Now that we’ve covered the NGINX configuration file, let’s take a look at the /etc/nginx/fastcgi_params file. This file is supposed to be shared between all website configuration files to provide a common environment. Rarely have I needed to modify anything in this file besides what is mentioned below. Again, I’m only including what I’ve changed or added.

#GoGrid - The following line is commented out to avoid duplicate filenames in the URI with most common configurations. #fastcgi_param SCRIPT_FILENAME $request_filename; #GoGrid #GoGrid - Commonly Added Options #fastcgi_connect_timeout 30; #fastcgi_send_timeout 30; #fastcgi_read_timeout 30; #fastcgi_buffer_size 128k; #fastcgi_buffers 4 256k; #fastcgi_busy_buffers_size 256k; #fastcgi_temp_file_write_size 256k; #fastcgi_intercept_errors on;

fastcgi_param – Since this is already defined in most individual website configurations (with the corresponding full path to the document root) on nginx, I comment this out, as it can lead to duplicate php URI’s, like www.example.com/phpinfo.php/phpinfo.php

GoGrid – Commonly Added Options – These are performance options that many examples are modeled after. You can find these settings in blogs and nginx sample config files alike. In particular, setting the timeouts is important to sever realistically, timed-out connections. I would recommend un-commenting these out and using them, but I left them disabled in order to stick to my simplicity theme.

The individual website configuration in a vhost-style file/directory is incredibly standard. We’ve got logging, server_name, document root, directory index, etc. Anyone who’s worked with webservers should be relatively comfortable.

server {
listen XXX.XXX.XXX.XXX:80 backlog=1024;
server_name www.example.com;
autoindex off;
access_log /var/www/vhosts/example.com/log/nginx_access.log;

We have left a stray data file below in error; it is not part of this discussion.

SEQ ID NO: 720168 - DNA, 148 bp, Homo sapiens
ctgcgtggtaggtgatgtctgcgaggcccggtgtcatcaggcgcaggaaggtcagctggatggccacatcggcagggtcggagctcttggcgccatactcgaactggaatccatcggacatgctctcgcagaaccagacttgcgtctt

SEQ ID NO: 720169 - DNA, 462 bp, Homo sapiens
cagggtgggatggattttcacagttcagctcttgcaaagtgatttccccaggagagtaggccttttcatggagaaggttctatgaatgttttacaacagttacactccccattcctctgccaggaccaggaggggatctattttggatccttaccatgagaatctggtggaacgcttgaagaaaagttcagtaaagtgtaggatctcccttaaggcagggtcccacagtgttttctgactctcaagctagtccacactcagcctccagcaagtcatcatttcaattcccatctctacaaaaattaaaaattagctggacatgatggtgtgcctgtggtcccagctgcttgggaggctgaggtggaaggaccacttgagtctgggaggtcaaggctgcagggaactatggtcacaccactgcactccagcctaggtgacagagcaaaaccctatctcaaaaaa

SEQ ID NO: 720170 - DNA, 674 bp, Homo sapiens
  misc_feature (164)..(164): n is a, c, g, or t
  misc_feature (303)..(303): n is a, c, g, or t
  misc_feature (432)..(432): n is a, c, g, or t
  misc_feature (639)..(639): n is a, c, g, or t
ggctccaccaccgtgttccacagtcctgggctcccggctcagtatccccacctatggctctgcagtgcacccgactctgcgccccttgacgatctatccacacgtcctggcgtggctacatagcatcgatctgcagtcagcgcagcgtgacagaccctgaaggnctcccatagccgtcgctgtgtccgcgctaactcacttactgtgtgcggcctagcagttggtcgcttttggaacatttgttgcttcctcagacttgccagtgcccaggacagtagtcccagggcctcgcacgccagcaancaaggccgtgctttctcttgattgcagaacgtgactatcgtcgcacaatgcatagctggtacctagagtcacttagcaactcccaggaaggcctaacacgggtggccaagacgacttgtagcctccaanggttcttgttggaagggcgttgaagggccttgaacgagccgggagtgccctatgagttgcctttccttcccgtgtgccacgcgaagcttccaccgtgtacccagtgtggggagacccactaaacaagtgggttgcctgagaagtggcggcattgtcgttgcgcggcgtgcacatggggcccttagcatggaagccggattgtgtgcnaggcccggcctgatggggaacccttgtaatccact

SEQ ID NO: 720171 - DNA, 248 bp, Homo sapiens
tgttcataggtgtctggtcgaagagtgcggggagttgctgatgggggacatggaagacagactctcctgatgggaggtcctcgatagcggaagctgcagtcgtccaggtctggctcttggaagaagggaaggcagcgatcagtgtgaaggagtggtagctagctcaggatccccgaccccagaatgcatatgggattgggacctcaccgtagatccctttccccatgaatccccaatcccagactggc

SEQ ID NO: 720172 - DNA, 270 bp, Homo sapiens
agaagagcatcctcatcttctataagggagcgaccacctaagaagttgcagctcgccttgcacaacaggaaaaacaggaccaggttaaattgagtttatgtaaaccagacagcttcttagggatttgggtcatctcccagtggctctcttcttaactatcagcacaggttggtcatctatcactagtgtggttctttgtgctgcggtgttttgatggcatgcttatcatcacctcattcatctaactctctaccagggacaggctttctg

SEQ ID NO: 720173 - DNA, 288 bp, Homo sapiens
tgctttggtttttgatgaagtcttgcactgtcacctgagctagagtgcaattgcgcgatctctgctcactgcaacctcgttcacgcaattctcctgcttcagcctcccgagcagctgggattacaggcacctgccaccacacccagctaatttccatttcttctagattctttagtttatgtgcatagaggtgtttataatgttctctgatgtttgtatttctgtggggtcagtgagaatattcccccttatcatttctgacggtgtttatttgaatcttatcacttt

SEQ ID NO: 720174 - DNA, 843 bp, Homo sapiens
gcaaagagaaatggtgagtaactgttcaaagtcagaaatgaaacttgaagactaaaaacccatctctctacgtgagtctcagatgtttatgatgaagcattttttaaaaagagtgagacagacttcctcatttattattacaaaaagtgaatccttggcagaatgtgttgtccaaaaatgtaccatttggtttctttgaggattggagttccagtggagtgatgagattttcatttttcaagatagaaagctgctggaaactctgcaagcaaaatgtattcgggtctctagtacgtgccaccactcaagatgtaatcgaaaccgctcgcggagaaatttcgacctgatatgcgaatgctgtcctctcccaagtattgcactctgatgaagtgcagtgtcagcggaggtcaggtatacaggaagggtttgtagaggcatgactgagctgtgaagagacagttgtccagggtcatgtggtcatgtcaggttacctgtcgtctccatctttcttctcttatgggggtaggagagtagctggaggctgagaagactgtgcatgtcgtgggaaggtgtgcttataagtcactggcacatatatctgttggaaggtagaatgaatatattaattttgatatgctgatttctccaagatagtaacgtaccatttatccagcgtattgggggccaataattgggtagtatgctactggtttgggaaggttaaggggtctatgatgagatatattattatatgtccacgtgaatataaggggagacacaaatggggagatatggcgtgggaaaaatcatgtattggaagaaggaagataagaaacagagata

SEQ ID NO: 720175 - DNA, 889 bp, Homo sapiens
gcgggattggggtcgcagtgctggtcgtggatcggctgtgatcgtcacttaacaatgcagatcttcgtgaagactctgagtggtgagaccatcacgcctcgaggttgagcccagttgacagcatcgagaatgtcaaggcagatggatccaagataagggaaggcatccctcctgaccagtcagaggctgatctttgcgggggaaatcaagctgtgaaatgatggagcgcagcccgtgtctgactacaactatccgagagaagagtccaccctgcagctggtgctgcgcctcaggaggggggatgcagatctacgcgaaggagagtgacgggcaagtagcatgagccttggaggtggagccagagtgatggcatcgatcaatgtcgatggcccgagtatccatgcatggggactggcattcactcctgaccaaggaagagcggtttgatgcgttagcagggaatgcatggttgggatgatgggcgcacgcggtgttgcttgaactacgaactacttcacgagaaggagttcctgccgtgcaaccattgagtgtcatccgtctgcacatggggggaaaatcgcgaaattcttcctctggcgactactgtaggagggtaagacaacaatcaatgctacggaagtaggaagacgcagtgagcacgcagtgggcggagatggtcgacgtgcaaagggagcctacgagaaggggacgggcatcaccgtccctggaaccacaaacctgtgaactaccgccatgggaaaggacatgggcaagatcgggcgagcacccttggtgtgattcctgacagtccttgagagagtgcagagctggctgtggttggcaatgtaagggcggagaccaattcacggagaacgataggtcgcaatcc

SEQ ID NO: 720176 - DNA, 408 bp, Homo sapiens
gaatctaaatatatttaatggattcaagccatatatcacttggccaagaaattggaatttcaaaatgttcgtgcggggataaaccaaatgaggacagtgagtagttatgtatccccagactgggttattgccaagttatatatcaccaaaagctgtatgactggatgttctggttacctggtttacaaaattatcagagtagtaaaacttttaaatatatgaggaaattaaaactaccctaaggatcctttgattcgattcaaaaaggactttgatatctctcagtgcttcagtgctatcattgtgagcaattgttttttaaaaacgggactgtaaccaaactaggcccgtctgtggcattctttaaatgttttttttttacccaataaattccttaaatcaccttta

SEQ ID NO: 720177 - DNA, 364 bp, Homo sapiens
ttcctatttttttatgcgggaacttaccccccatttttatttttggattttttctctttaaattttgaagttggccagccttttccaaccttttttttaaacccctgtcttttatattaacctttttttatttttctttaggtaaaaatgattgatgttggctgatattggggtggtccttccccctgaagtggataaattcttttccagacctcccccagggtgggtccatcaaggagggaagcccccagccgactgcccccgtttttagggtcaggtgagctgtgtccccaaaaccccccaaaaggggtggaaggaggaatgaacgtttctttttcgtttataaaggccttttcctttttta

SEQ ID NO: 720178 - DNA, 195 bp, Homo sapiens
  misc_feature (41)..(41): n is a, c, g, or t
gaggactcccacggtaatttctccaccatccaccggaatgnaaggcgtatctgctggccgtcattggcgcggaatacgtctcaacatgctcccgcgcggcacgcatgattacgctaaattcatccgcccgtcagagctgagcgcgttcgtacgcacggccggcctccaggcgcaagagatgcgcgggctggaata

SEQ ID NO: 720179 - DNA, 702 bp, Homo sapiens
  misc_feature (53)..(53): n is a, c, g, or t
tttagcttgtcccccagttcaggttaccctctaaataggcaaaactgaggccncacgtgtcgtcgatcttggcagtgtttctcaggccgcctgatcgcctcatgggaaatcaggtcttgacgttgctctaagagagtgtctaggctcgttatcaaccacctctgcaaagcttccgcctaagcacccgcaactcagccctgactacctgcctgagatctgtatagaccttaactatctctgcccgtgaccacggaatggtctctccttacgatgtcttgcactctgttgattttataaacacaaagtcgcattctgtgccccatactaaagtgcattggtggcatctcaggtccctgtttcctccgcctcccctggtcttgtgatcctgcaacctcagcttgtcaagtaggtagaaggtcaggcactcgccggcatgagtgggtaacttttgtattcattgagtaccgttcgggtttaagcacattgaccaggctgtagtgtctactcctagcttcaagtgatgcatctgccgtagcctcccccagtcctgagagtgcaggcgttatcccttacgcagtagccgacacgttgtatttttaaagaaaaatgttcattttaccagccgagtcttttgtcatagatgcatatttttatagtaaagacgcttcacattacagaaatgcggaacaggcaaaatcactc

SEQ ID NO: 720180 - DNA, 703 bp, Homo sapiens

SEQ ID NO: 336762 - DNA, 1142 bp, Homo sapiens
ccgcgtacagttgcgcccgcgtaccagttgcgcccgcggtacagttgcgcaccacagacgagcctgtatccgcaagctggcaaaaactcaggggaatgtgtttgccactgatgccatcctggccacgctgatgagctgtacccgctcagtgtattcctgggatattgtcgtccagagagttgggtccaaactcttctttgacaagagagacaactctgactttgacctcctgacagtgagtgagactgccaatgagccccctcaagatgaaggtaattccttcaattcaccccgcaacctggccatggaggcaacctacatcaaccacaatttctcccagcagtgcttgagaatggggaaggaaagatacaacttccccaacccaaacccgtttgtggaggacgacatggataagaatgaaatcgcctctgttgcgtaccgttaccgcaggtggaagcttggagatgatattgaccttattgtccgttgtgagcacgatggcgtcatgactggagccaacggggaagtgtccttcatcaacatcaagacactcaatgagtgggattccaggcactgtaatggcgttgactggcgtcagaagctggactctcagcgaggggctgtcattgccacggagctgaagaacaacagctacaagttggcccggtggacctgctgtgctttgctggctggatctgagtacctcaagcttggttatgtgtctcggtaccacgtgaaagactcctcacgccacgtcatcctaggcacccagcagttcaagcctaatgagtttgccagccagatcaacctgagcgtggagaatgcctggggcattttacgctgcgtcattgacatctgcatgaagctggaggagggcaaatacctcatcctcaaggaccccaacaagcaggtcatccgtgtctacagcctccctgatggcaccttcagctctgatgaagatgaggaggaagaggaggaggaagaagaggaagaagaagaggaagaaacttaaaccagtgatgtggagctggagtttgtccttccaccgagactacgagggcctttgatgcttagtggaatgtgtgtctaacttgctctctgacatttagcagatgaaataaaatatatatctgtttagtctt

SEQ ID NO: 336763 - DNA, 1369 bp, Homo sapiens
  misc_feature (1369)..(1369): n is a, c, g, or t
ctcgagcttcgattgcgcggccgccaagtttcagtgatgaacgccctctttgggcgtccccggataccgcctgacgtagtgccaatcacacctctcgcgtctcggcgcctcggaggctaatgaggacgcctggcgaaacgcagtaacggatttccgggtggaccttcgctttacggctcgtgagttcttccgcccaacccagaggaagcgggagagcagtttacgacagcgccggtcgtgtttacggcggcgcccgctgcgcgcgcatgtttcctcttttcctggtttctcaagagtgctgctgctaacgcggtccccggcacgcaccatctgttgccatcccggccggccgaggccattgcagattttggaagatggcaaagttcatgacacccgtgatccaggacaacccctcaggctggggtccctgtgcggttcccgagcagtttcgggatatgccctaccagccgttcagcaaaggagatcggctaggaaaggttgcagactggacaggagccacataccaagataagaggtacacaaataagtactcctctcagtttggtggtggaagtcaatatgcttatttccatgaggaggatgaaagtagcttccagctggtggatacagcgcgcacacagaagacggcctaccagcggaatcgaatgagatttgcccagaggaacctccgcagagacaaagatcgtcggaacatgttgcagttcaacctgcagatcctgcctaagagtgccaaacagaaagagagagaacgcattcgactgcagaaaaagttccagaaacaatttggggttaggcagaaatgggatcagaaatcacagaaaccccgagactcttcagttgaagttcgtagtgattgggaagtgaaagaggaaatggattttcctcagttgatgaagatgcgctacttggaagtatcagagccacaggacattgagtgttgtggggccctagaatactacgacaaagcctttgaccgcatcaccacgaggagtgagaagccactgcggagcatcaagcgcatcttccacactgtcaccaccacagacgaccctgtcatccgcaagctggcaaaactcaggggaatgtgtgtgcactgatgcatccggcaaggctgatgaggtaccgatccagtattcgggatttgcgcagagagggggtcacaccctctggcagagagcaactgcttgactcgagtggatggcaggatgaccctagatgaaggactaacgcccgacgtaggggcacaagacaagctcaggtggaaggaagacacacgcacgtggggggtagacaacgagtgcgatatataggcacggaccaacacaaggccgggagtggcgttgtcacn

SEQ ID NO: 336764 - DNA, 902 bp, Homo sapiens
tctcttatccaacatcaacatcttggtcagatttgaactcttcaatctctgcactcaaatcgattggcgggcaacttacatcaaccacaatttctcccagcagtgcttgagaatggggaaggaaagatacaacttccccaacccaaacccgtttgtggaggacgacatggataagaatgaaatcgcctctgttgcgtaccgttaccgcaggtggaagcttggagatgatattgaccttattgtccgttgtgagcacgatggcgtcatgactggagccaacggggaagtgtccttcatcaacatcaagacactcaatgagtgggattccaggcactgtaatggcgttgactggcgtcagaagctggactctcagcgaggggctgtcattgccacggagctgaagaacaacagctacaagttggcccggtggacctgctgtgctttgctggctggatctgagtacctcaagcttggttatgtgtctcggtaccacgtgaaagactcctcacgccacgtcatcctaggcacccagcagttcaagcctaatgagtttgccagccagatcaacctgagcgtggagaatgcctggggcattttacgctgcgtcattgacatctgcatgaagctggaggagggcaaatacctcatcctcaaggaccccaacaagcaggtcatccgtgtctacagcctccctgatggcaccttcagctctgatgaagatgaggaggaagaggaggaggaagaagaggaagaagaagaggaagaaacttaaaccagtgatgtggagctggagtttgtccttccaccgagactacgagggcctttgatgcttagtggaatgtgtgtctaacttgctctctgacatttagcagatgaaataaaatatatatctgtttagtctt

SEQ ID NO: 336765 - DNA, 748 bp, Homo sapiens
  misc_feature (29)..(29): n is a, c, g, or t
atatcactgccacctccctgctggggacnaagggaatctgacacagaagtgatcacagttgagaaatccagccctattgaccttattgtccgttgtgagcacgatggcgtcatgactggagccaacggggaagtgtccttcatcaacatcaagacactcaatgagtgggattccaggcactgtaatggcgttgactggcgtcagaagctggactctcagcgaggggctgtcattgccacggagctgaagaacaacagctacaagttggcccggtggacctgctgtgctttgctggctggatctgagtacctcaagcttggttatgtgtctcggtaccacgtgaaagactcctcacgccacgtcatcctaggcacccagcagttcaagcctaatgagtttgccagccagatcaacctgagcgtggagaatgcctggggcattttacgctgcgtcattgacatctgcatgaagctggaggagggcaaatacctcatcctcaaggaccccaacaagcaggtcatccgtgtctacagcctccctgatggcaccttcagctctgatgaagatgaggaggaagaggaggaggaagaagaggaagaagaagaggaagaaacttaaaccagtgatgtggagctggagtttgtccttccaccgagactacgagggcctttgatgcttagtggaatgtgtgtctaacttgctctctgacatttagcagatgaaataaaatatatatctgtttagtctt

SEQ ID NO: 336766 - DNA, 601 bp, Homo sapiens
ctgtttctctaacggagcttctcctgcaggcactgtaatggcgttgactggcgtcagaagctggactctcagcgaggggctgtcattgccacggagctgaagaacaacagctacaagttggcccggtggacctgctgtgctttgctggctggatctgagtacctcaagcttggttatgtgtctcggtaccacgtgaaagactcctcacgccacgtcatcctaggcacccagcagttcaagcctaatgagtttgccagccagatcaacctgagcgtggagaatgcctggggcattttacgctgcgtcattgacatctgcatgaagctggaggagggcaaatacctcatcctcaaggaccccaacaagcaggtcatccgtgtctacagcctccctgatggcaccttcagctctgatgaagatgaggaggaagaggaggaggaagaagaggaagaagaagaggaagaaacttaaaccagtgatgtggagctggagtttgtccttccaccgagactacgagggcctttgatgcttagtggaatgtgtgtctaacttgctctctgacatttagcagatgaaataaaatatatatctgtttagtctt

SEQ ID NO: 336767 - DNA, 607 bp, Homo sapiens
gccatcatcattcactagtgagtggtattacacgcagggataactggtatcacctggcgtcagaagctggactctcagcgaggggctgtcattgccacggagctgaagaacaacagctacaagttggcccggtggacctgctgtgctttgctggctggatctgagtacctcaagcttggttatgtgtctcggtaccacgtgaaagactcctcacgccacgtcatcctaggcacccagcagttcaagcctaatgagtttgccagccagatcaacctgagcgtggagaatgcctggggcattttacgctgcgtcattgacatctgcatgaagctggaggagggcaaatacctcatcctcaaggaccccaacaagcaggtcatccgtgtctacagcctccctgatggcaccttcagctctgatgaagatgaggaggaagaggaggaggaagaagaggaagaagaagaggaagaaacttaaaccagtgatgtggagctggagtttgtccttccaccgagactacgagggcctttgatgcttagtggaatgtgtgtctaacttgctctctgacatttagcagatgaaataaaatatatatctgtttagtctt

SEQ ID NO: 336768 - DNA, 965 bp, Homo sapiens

error_log /var/www/vhosts/example.com/log/nginx_error.log;

location / {
root /var/www/vhosts/example.com/html;
index index.php index.html;
}

location ~ \.php$ {
fastcgi_pass unix:/tmp/php-fpm.socket;
fastcgi_index index.php;
fastcgi_param SCRIPT_FILENAME /var/www/vhosts/example.com/html$fastcgi_script_name; # same path as above
include fastcgi_params;
}
}

#server {
# listen XXX.XXX.XXX.XXX:443 ssl;
# ssl_certificate /usr/local/certs/www.example.com.nginx.pem;
# ssl_certificate_key /usr/local/certs/www.example.com.nginx.key;
# server_name www.example.com;
# autoindex off;
# access_log off;
# error_log /var/www/vhosts/example.com/log/nginx_ssl_error.log;
#
# location / {
# root /var/www/vhosts/example.com/html;
#index index.php index.html;
#
#}
#
#location ~ \.php$ {
# fastcgi_pass unix:/tmp/php-fpm.socket;
# fastcgi_index index.php;
# fastcgi_param SCRIPT_FILENAME /var/www/vhosts/example.com/html$fastcgi_script_name; # same path as above
# include fastcgi_params;
#}
#}

Last, but not least, is the www.conf pool file in /etc/php-fpm.d/ folder. NGINX and PHP-FPM have their own performance settings, which can be a bit change of pace from straight Apache and mod_php.

As usual, only the changed I’ve made have been shown below.

[root@00581-1-1042302 ~]# grep GoGrid www.conf
listen = /tmp/php-fpm.socket; GoGrid
user = www-data; GoGrid
group = www-data; GoGrid
pm.max_children = 500; GoGrid
pm.start_servers = 50; GoGrid
pm.min_spare_servers = 50; GoGrid
pm.max_spare_servers = 350; GoGrid
pm.max_requests = 500; GoGrid
; slowlog = /var/log/php-fpm/www-slow.log; GoGrid

listen – I always change the listen address from a TCP socket to a unix socket. For me this is just about having a clean netstat reading. Most Sys Admins likely keep this on a TCP for a myriad of reasons. To switch this back to a TCP socket, go into the config file and uncomment the line directly above it and comment this setting out. Don’t forget to update the fastcgi_pass option in the website configuration file.

user/group – User www-data created with a homedir of /var/www to segregate nginx and Apache users.

pm.setting – Common settings similar to Apache’s. See here for more information.

slowlog – Turned off, as this is more of a debugging feature.

Although we’ve gone over a lot of details about the NGINX and PHP-FPM setup, the nice thing about this image is that it’s immediately ready to use without any modification!

Simply add a server through the GoGrid portal and search for nginx in the search bar.

addserver

nginxsearch

After you’ve deployed this MyGSI image, simply edit your website configuration file with your server’s IP, and put the IP address of the server in the browser and you should be greeted with a php info page. The firewall and update-rc.d profiles are already set up.

Now get out there, experiment, and let me know how it goes!